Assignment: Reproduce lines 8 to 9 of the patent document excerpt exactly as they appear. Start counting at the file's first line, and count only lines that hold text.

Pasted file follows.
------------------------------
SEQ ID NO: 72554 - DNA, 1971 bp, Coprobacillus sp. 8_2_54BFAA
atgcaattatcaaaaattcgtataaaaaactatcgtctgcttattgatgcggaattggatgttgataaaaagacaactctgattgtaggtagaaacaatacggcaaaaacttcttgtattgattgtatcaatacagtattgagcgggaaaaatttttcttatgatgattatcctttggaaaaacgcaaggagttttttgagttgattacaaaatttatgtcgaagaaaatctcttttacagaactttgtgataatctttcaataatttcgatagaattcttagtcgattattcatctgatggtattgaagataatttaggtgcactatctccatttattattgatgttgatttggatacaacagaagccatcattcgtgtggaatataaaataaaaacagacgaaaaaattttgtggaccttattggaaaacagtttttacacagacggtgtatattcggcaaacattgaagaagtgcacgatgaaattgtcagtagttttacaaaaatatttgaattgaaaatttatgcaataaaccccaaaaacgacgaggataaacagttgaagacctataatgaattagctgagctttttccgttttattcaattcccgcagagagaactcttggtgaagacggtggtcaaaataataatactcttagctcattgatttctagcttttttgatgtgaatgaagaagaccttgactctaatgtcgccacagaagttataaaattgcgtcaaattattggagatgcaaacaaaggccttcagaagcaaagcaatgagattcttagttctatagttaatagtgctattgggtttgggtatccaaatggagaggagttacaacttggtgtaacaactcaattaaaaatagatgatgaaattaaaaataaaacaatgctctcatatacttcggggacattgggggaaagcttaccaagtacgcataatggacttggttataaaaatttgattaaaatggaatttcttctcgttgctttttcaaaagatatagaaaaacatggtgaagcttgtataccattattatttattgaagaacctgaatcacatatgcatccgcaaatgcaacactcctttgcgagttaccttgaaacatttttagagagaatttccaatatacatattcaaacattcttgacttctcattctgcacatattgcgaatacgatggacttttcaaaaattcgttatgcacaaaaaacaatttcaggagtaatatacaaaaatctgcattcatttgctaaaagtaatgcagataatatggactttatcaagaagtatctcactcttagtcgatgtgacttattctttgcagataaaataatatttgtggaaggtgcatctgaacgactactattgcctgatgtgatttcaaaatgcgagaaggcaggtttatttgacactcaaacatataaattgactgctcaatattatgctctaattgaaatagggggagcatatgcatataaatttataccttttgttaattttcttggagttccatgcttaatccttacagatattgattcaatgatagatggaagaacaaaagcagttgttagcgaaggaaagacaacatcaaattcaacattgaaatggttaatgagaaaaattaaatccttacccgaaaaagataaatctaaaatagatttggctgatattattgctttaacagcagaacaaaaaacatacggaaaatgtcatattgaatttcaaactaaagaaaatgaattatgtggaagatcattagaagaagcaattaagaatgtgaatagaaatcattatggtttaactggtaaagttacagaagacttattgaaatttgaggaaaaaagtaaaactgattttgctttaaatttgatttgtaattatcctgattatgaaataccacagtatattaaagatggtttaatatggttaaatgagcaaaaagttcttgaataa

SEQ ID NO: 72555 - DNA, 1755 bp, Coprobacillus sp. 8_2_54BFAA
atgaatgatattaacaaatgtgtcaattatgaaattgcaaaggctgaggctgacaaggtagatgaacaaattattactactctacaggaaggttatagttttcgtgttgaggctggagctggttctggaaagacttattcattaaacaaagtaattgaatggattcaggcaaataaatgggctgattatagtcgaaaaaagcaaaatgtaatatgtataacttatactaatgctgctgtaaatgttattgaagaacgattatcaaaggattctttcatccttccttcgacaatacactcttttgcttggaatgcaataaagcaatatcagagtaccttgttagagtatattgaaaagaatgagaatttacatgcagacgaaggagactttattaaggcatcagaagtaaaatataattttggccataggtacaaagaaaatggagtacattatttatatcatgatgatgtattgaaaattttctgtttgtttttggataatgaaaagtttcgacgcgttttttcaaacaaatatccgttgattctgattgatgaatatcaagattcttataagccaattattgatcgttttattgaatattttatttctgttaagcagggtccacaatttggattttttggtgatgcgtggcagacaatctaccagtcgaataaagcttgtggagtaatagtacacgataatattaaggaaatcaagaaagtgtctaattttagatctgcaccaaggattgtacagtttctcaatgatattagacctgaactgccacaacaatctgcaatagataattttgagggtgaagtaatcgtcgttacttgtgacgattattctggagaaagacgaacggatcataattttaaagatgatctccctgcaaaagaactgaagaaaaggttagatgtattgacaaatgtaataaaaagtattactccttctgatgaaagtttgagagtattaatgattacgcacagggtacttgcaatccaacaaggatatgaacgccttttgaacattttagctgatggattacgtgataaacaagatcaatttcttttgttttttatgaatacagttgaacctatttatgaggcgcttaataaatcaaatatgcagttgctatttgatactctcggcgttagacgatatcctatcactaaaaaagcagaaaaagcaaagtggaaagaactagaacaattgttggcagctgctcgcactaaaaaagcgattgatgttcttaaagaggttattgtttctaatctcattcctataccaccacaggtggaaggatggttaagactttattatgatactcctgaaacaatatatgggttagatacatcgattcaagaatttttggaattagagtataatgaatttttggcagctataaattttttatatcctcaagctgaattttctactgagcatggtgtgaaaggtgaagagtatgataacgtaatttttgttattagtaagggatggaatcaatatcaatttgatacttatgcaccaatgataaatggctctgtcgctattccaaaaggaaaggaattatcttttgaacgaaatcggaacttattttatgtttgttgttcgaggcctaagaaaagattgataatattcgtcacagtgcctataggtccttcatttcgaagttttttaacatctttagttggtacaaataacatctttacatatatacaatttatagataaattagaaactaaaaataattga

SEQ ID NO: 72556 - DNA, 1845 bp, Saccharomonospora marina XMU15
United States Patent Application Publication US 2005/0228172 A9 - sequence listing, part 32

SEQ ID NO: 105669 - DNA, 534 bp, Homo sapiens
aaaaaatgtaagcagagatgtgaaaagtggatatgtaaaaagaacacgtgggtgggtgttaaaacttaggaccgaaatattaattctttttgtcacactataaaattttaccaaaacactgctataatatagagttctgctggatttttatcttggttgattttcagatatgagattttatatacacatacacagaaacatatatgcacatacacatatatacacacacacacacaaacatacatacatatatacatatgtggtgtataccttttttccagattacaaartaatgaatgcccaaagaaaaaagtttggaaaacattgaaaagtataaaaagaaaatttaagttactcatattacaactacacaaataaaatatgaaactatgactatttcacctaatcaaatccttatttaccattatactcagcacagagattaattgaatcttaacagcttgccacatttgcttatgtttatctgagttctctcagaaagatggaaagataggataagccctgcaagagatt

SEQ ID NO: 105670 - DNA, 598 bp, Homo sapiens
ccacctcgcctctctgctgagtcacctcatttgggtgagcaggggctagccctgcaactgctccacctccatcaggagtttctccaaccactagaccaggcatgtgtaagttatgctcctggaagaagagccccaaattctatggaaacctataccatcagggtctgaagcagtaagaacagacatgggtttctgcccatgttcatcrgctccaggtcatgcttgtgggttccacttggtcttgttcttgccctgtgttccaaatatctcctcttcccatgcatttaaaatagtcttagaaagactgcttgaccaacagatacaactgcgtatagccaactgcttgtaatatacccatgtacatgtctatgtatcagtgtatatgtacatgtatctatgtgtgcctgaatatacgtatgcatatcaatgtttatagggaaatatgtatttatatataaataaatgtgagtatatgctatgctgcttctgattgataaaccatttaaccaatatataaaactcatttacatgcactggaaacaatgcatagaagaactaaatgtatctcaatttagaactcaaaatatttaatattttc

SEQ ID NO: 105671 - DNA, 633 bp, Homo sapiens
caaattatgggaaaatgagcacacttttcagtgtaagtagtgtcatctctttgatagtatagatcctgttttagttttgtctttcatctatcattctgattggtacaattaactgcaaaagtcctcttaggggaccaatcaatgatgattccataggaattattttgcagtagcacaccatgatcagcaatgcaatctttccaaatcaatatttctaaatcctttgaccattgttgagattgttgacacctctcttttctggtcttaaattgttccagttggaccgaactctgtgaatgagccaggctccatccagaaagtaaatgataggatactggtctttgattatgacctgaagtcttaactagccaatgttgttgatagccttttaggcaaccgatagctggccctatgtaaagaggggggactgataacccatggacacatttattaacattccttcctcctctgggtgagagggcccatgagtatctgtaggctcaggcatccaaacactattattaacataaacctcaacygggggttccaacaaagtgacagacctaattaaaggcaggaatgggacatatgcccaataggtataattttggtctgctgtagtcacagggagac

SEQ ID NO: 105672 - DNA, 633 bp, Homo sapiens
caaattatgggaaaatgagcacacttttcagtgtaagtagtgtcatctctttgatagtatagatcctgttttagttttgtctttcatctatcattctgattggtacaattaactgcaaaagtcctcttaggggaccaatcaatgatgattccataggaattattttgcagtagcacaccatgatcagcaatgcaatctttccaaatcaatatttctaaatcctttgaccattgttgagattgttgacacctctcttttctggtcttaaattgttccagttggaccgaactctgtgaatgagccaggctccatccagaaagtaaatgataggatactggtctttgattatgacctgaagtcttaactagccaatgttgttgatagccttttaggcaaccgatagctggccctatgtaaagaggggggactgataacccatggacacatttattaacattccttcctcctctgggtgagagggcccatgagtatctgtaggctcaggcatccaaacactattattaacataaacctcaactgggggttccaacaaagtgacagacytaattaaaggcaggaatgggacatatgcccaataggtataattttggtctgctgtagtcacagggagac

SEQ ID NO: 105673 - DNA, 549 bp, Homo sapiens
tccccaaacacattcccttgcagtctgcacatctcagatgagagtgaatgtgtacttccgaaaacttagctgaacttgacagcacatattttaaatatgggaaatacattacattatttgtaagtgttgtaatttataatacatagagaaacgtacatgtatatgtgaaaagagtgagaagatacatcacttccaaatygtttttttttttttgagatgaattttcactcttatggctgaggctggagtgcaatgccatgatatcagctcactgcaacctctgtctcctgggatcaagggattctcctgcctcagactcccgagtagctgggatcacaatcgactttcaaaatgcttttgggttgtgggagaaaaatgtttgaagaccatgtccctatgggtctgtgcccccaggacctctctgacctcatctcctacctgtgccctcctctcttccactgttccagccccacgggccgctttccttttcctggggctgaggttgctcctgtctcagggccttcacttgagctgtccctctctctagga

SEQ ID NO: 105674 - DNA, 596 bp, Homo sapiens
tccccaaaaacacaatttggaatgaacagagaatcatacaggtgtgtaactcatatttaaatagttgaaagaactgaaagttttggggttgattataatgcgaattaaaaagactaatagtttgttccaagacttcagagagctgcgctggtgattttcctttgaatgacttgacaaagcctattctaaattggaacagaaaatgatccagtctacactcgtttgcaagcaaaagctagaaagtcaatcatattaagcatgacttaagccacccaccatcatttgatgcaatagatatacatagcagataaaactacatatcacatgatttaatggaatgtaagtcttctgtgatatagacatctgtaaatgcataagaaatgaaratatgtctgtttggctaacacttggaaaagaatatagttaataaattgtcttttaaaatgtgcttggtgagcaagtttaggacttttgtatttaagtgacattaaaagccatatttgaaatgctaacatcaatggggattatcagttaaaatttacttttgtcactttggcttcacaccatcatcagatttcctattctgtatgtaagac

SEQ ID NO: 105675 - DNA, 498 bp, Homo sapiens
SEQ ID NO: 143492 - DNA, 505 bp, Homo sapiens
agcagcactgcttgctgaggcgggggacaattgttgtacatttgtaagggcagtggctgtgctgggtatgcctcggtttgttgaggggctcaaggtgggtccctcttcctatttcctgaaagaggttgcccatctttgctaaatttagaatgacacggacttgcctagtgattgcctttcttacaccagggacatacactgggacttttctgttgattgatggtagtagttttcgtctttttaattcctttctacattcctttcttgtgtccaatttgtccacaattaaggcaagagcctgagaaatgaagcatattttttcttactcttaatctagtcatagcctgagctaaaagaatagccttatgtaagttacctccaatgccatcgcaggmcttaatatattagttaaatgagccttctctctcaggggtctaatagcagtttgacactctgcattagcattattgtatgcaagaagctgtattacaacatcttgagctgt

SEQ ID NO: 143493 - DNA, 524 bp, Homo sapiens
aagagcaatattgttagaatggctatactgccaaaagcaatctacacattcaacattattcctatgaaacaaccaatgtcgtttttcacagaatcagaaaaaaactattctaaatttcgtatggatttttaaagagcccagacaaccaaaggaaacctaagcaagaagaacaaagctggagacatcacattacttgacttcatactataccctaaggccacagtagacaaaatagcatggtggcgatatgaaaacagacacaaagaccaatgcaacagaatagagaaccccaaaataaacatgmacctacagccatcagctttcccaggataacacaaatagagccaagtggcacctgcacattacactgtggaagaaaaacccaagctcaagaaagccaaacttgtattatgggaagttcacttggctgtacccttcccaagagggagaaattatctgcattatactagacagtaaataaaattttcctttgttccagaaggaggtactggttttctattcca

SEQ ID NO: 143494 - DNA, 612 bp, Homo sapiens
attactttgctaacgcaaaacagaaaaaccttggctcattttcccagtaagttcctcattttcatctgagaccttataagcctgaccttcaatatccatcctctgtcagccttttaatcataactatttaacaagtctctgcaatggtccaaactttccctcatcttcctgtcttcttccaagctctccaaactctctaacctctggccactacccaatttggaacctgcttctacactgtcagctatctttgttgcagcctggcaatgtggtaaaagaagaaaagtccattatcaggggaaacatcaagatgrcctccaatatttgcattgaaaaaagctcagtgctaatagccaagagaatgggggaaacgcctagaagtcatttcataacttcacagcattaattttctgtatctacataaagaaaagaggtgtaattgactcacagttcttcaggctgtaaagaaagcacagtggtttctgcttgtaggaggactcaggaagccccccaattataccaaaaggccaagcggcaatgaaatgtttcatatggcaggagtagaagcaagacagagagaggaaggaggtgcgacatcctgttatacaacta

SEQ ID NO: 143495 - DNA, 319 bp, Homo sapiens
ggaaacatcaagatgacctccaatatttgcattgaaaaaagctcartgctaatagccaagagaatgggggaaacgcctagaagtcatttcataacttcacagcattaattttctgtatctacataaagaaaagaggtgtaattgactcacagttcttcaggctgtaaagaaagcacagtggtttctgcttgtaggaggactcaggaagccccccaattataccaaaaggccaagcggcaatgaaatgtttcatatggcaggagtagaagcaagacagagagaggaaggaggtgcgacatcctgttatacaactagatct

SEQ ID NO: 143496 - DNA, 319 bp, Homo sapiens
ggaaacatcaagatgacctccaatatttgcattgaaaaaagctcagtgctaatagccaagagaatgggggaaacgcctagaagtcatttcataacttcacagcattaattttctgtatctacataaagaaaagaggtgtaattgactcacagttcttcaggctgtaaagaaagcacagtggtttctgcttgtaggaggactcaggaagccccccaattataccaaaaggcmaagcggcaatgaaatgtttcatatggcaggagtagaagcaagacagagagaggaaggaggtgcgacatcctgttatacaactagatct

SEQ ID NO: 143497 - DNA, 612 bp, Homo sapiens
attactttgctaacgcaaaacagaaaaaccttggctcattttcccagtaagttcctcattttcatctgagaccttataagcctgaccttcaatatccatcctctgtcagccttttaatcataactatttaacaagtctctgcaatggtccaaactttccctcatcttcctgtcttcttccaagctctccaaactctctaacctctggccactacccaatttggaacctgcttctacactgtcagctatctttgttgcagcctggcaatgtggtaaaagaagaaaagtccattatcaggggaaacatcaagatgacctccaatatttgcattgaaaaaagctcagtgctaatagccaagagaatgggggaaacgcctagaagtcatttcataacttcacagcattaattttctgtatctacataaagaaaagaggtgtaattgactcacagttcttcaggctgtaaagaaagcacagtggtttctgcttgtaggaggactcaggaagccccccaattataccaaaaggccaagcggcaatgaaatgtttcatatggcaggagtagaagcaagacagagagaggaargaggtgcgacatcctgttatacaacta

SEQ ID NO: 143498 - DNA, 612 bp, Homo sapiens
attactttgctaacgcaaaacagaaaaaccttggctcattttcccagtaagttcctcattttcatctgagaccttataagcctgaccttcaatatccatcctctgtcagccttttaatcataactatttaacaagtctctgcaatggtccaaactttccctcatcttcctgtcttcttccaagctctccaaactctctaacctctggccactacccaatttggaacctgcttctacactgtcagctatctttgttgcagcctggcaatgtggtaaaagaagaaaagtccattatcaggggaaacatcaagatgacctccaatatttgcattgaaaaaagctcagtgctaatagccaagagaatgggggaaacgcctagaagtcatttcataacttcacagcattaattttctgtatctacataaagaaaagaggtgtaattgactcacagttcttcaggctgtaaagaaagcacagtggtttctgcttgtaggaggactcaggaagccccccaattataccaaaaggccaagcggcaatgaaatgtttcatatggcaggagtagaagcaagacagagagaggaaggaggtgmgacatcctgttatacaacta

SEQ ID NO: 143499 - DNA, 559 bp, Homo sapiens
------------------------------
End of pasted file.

aaaaaatgtaagcagagatgtgaaaagtggatatgtaaaaagaacacgtgggtgggtgttaaaacttaggaccgaaatattaattctttttgtcacactataaaattttaccaaaacactgctataatatagagttctgctggatttttatcttggttgattttcagatatgagattttatatacacatacacagaaacatatatgcacatacacatatatacacacacacacacaaacatacatacatatatacatatgtggtgtataccttttttccagattacaaartaatgaatgcccaaagaaaaaagtttggaaaacattgaaaagtataaaaagaaaatttaagttactcatattacaactacacaaataaaatatgaaactatgactatttcacctaatcaaatccttatttaccattatactcagcacagagattaattgaatcttaacagcttgccacatttgcttatgtttatctgagttctctcagaaagatggaaagataggataagccctgcaagagatt

SEQ ID NO: 105670 - DNA, 598 bp, Homo sapiens